Balance transfer disasters that you need to avoid


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Balance transfer disasters that you need to avoid

The content is accurate at the time of publication and is subject to change.
Zero percent credit cards are plenty these days due to the economic recession that has taken the globe by storm. This is due to the very low prevailing national interest rate and also the fierce competition in a market which is growing very slowly. Its relatively easy in third world countries to get new customers in places that have not yet seen an ATM, but in the first world, the only people who do not have a credit card are those who do not want one. The introduction of the zero percent balance transfer is one of the best things that could have happened to people who are burdened with huge amounts of debt that they are having a hard time paying. The principle on which a balance transfer works is very simple. The amount you owe to a certain credit card company will be transferred in whole to a new credit card. The new credit card will not charge you any interest rate on the outstanding balance for a certain introductory period. You will be charged a small fee to make this transfer. Everybody stands to gain from this because the old credit card company gets its money and you get more time to pay the balance without any interest. The new credit card company gets a customer, initial and annual fees if you pay the balance by the end of the introductory period. It can seem very attractive at first, but you need to take some precautionary measures at the start. The first thing that you need to know is that there are many different types of zero percent credit cards. There is zero percent on balance and zero percent on purchases made and these two things are totally different. If you go for a zero percent on balance transfers this will mean that any purchases you make during the introductory period will be charged interest. But again you will have a certain grace period to repay these purchase amounts. For example, if you have a $1000 on your card at a rate of 20%, you can transfer this to a new card for a fee. This new card may give you a nine month interest free period. You will save almost $200 in interest and the fee for the transfer will cost just about $50. But if you buy something on the new card for a few hundred dollars and do not pay the amount, you will be charged the 20% prevailing interest rate on the new card. This is a common mistake that most people commit without being aware of the consequences. Another thing that you need to verify is the annual fee. The annual fee will not be explicitly mentioned but it will be applied in most cases since it is a zero percent rate card. The annual fee can be as high as 20% at times and this can eat into all the savings that you hoped to make. Apart from this, you also need to verify the charges applied in order to make the transfer. This can also be pretty hefty and will be a cause for concern if you do not negotiate a good deal at the beginning of the term.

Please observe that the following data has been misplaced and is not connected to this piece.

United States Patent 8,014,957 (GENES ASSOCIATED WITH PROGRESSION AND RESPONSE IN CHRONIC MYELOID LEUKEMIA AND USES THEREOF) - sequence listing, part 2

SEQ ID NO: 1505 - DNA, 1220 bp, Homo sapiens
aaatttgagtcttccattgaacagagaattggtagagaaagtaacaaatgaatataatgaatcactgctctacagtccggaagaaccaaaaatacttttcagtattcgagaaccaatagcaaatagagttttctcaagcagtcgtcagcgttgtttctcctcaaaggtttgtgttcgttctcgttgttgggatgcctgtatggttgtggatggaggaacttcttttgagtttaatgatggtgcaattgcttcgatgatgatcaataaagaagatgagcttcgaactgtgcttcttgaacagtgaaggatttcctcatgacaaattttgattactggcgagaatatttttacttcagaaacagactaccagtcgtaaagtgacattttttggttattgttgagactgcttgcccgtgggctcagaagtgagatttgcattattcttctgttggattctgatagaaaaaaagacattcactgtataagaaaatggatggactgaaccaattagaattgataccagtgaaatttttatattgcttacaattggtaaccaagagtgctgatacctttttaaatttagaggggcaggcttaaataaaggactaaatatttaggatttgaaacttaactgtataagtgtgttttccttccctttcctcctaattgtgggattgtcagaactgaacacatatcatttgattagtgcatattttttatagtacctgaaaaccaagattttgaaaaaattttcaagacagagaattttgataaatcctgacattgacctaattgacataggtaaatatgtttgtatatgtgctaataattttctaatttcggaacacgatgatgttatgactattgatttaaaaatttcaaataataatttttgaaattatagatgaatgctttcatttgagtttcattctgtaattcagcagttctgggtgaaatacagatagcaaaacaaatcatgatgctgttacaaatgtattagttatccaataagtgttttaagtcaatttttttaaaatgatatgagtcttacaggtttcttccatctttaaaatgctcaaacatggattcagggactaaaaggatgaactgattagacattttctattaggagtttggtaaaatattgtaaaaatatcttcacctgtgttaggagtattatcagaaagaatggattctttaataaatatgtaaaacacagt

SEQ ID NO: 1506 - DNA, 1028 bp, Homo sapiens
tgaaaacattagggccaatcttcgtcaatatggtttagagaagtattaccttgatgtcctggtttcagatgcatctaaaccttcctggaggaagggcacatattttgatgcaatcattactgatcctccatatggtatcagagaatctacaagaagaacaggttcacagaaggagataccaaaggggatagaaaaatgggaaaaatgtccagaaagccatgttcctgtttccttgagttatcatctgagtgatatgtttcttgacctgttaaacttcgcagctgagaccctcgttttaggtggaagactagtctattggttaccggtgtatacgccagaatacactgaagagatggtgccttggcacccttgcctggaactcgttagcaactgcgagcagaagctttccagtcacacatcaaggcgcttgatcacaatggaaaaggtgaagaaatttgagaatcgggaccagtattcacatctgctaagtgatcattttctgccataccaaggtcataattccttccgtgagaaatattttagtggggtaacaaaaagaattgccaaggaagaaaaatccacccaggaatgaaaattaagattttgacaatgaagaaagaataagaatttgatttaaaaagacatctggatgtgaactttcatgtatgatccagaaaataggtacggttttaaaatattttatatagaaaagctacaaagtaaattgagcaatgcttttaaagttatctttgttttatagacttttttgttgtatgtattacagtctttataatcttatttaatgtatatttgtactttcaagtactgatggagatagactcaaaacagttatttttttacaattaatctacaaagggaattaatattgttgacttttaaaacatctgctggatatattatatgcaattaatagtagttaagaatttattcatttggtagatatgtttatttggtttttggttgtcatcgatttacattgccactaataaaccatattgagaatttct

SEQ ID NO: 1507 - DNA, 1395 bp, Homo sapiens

Disclaimer: This editorial content is not provided or commissioned by the credit card issuer(s). Opinions expressed here are the author's alone, not those of the credit card issuer(s), and have not been reviewed, approved or otherwise endorsed by the credit card issuer(s). Reasonable efforts are made to present accurate information, however all information is presented without warranty. Consult a card's issuing bank for the terms & conditions.
All rates and fees, and other terms and conditions of the products mentioned in this article/post are actual as of the last update date but are subject to change. See the current products' Terms & Conditions on the issuing banks' websites.
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